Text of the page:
This is absolutely unbelievable. There’s a new paper in Neurological Science, by three neurological scientists, analyzing the age-old question of whether Moses stuttered! The abstract says it all:
Abstract Stuttering is a disturbance of normal fluency of speech whose pathophysiology is still not well understood. We investigated one of the most ancient speech disorders in the biblical person Moses who lived in approximately 1300 BC. To get the most complete medical and nonmedical information on Moses, we did systematic searches in the Holy Bible using the Bible-Discovery v2.3 software (http://www.bible-discovery.com) looking for verses containing the terms “Moses”, “Stuttering” and “Stutter”; and in PubMed/Medline database for manuscripts having the terms “Moses”, “Bible” and “Stuttering”. From the Bible search, 742 verses were found, of which 23 were relevant; three additional verses were found by hand search. Six papers discussing Moses’s pathology were found in the PubMed search. The analysis of ancient descriptions in the light of current research suggests that stuttering is the most likely pathology Moses had, with clear evidence for both genetic origin and environmental triggers. Further, it was found that Moses practiced some “sensory tricks” that could be used to relieve his speech disorder which are, to our knowledge, the first “tricks” that successfully modulated a movement disorder described in the medical literature.
The case of Moses is presented as if he’s a medical patient. Are the authors aware of the humor in this?
Patient and methods
The patient was Moses ( מרשת o´ משת ), which means “saved from the waters”. According to Exodus 6:20, Amram married his aunt Jochebed, who gave birth to Moses. When he was born, Pharaoh ordered to kill every boy who had a Jewish mother (Exodus 1:15–22).
Here’s some of the evidence that Moses stuttered:
The biblical descriptions commenting on the speech disorder of Moses suggested that it started at an early age. In fact, when Moses refused to speak out in Exodus 4:10 he said “neither before, nor since you have spoken to your servant”. This statement supports the view that Moses had developmental stuttering, the onset of which is between 3 and 8 years . Interestingly, 26% of children with such disorder recover before puberty, while it persists more in boys [34, 45]. Several associated signs and symptoms present in clinically established stuttering are found in Moses’s descriptions including fear declared in Exodus 6:30 when he talked to the Pharaoh, the presence of a spokesman described in Exodus 4:13–16, and negation, hesitation and avoidance secondary to God’s orders described in Exodus 4:10 and 6:12.
A genetic abnormality, as the one attributed to Moses, associated with environmental stressors including new home, social pressure and/or negative experiences at early ages would favor the persistence of the speech disorder in his adult age .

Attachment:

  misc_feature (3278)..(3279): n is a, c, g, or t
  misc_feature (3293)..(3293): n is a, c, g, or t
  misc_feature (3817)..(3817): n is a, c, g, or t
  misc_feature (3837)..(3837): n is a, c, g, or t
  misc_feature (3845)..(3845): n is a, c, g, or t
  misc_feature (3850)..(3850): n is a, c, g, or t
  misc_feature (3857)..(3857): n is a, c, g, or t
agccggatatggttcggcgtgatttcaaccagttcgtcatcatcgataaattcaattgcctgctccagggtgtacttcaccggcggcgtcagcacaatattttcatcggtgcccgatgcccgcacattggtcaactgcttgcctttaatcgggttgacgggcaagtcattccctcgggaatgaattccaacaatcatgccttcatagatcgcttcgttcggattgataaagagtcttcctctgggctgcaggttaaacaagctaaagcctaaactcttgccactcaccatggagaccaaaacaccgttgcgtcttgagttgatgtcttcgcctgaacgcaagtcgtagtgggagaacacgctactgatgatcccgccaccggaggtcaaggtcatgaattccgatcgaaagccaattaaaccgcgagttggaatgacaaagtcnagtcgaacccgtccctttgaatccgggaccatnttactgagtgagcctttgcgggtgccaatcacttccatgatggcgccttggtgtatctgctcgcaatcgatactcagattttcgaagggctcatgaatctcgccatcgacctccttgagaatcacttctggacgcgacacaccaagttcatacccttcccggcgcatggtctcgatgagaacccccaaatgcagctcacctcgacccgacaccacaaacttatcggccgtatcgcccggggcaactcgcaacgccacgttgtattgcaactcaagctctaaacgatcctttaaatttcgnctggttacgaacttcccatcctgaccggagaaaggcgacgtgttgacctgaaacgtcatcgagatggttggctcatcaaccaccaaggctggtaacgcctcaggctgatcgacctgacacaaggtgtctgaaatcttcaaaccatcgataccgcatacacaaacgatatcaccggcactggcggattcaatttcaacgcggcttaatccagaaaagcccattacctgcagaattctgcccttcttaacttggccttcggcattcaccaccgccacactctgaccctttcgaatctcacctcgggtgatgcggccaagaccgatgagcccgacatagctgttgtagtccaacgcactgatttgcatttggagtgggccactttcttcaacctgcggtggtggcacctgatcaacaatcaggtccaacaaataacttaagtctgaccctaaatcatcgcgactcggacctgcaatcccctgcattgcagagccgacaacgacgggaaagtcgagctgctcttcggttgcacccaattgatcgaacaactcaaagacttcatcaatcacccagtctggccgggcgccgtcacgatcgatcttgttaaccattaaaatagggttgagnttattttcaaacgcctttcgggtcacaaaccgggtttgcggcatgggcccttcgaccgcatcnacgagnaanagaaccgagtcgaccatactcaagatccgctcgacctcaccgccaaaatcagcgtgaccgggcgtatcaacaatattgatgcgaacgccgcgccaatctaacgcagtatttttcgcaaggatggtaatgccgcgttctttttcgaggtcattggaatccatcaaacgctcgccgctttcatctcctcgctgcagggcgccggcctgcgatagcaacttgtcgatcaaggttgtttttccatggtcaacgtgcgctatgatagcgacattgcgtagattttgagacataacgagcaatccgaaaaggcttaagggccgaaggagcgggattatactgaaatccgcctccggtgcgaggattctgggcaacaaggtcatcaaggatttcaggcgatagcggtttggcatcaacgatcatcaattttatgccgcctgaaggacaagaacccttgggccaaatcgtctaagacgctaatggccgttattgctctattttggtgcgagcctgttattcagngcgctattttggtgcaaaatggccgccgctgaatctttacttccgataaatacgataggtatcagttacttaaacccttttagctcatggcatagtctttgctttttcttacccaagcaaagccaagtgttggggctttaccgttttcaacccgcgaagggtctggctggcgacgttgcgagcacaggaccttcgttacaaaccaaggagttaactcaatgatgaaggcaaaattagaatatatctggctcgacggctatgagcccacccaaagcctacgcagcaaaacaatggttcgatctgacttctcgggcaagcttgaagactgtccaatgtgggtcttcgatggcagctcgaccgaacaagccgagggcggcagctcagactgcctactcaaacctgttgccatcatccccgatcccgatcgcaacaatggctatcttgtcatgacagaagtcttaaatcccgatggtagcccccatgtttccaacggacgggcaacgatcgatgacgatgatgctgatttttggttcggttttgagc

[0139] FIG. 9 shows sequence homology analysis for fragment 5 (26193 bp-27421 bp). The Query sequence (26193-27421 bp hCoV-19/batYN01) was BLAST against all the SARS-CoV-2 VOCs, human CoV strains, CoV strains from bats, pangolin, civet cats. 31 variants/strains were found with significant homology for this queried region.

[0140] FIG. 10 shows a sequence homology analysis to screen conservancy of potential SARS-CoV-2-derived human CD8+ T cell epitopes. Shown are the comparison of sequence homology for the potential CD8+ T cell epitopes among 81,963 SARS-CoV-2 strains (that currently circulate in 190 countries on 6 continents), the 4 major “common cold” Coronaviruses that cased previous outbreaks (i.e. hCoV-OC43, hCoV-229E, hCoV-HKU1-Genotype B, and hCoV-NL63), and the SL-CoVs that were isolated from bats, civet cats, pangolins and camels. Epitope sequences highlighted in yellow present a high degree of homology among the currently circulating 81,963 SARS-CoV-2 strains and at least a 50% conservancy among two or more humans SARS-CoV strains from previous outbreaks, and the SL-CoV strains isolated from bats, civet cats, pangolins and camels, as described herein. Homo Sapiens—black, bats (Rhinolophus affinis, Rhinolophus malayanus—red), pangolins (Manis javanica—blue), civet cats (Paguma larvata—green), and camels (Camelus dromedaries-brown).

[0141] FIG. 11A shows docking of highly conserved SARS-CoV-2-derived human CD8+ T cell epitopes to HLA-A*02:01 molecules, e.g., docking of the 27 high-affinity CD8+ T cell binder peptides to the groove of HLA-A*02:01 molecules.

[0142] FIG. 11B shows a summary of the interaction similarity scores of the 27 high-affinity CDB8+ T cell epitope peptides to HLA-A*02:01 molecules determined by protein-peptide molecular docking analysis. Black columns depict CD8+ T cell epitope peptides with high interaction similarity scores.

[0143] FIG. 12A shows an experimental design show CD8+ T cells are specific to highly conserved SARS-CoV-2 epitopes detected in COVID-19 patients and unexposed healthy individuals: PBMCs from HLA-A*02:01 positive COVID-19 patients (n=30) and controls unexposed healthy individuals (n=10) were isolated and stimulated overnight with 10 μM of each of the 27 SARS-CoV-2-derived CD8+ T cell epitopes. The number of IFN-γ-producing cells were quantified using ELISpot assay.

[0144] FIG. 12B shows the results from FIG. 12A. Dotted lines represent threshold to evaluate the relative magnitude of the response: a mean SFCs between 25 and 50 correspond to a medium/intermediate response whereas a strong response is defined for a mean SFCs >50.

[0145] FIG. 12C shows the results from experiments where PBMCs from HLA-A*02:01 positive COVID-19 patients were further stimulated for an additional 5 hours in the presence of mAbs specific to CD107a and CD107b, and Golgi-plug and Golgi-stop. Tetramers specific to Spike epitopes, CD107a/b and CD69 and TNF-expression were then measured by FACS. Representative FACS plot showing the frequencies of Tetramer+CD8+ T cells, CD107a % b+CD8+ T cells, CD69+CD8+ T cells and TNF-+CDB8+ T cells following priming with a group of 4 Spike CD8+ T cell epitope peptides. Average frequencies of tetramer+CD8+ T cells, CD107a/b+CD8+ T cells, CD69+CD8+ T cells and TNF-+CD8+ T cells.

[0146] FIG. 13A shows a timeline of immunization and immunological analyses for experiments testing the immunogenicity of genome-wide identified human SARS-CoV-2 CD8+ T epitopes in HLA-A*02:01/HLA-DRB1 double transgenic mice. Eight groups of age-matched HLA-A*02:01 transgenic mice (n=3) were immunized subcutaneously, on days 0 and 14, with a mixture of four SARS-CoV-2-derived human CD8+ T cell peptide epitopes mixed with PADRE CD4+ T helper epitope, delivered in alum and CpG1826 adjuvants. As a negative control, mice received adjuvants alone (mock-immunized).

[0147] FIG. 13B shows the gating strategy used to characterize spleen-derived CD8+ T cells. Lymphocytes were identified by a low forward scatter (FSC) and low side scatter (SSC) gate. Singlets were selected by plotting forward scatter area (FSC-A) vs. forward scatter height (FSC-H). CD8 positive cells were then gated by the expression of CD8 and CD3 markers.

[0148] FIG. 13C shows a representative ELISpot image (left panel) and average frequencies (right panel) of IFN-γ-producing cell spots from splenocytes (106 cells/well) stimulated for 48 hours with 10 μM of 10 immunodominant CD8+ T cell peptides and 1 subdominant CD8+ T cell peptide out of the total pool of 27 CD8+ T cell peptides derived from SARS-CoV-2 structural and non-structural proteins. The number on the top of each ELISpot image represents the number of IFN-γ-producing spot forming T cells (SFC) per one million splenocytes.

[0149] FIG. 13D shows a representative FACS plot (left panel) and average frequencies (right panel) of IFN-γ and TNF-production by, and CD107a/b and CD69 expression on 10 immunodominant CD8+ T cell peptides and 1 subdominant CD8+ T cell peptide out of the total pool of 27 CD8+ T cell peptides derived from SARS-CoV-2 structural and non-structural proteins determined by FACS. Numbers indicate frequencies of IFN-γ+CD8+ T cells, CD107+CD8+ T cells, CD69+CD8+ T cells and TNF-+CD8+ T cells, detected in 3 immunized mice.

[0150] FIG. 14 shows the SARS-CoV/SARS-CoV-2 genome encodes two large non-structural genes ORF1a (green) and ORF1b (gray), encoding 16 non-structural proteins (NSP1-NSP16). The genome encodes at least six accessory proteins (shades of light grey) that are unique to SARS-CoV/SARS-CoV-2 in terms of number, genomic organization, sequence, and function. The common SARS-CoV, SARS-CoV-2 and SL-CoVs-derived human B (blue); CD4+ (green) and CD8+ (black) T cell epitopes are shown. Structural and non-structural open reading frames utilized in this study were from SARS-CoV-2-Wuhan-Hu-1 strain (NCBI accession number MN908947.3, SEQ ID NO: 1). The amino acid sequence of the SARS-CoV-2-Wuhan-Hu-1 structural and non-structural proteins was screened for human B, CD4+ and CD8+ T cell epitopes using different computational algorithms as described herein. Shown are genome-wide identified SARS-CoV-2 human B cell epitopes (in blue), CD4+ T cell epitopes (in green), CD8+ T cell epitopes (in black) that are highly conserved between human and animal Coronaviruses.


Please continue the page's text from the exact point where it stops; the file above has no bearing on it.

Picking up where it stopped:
And what “tricks” did the patriarch use? It really pains me to have to reproduce this for you:
At this point, it must be remarked that Moses used at least two “sensory trick” strategies that would help to modulate his speech motor program abnormalities. The first “trick” was the “rod of God” prescribed by God himself and emphasized in several passages of the Bible including Exodus 4:17 and Numbers 20:9. The second “trick” used by Moses was singing, a method used for enhancing speech fluency in stutterers [36, 60]. It should be remarked that the first time that the verb “sing” is conjugated in the Bible is in Exodus 15:1 when Moses sang. After this, Deuteronomy 31:30 and 32:44 stated that Moses sang a song in front of the crowd, without any language abnormality. Moreover, Psalm 91, one of the most famous songs of the Bible, was authored by Moses.
From all of the above, it is rational to propose that both the use of the rod and singing were not only instruments for performing divine signals and guide Jewish people, but also were actual “therapies” that helped in modulating the desynchronized sensory and motor programming of Moses, improving his speech fluency. Accordingly, such “sensory tricks” would be the first neurorehabilitation measures described to date in medical literature [61, 62], employed to modulate a movement disorder.
Okay, this is shameful and embarrassing, both for the three authors and the scientific community at large. It is not, I emphasize, an April Fool’s joke. It is three scientists investigating a dubious disorder in a fictional person. Regardless of the arguments about the historical Jesus, there’s not a scintilla of evidence that Moses existed, much less that the events of the Exodus occurred (they didn’t—the evidence is against them). So why is this in a scientific journal? Should we expect the Journal of Herpetology to speculate about what kind of reptile talked to Adam and Eve in the Garden of Eden? Can we expect a paper in the Journal of Gerontology about the remarkable longevity of Methuselah? What herbs did he eat that allowed him to attain the age of 969? What these three deeply misguided authors have done is, in fact, produce a form of literary criticism masquerading as science.
Maybe someday these dudes will learn that you have to look for evidence beyond the Bible if you’re trying to justify something in the Bible as a historical fact. They could start with trying to figure out whether Moses really existed. They didn’t; they just just assume he did.
What a bunch of morons. And this, by the way, isn’t the only paper on Moses’s stuttering in the scientific literature. There are at least five others.
Leon-Sarmiento, F. E., E. Paez, and M. Hallett. 2012. Nature and nurture in stuttering: a systematic review of the case of Moses. Neurological Science DOI 10.1007/s10072-012-0984-2